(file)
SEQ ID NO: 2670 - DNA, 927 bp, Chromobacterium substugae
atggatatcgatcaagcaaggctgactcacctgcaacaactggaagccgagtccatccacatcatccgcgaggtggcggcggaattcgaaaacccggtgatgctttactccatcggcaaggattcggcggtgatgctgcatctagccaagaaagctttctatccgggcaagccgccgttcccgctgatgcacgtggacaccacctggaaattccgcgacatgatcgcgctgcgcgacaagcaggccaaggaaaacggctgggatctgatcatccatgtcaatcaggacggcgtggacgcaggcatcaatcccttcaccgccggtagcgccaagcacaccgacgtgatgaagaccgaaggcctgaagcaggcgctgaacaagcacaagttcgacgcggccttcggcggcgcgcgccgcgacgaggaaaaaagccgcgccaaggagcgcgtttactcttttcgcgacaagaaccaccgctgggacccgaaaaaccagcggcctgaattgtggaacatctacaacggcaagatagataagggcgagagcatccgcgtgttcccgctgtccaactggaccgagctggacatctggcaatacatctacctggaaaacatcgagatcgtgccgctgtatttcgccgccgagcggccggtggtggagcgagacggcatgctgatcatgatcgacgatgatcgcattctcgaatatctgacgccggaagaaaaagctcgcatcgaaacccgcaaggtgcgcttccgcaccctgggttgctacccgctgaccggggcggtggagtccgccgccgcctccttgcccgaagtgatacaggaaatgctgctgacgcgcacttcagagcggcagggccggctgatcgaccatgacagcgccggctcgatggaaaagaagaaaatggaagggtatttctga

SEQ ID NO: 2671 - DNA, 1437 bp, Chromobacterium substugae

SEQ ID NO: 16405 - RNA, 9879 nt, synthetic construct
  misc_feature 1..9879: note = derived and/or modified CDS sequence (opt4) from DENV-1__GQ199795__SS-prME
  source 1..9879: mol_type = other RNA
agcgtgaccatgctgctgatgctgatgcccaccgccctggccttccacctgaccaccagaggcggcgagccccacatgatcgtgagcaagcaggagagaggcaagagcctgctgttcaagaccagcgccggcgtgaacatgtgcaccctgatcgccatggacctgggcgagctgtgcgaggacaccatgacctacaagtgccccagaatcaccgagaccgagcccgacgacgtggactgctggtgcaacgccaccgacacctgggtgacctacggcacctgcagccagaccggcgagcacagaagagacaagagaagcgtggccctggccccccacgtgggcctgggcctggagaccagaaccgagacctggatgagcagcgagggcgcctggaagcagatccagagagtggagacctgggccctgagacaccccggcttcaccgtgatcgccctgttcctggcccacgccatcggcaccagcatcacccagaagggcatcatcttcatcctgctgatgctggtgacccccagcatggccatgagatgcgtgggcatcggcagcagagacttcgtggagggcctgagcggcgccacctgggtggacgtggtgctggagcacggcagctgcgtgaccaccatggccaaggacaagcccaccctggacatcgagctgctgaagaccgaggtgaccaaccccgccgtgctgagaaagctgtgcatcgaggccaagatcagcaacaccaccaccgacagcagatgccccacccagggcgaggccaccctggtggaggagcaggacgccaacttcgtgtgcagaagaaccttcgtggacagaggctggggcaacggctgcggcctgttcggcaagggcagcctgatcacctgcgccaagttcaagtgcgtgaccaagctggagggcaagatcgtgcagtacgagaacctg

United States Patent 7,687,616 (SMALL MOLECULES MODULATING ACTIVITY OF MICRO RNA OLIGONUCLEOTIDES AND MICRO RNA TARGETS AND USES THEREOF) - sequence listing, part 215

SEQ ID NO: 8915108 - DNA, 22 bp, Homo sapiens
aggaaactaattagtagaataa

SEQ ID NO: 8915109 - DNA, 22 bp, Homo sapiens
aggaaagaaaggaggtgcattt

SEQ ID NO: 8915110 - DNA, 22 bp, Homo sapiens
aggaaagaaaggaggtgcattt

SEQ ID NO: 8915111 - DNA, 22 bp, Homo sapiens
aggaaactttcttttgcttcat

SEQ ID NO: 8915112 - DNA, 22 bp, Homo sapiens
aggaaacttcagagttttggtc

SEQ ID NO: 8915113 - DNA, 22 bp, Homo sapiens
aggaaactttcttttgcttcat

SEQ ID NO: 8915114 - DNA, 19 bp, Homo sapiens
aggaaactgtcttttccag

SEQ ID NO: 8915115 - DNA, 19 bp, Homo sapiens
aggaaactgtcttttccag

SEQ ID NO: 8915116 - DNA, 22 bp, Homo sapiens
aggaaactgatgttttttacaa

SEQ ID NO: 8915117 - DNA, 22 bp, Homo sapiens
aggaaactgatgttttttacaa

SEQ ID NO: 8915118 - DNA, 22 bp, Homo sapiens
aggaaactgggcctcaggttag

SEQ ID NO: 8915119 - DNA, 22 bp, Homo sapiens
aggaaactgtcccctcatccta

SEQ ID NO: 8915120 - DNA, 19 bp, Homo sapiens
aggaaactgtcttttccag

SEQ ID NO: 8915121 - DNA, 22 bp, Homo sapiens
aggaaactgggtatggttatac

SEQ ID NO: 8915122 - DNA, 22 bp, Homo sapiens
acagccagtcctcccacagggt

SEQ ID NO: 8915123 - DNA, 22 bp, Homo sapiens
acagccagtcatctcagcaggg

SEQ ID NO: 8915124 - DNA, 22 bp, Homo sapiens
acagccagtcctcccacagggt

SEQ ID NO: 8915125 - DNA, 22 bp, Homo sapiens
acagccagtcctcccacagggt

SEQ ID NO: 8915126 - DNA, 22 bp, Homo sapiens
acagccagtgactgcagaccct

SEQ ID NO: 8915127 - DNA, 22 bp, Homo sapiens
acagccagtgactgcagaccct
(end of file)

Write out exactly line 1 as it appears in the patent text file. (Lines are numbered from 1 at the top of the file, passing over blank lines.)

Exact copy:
SEQ ID NO: 2670 - DNA, 927 bp, Chromobacterium substugae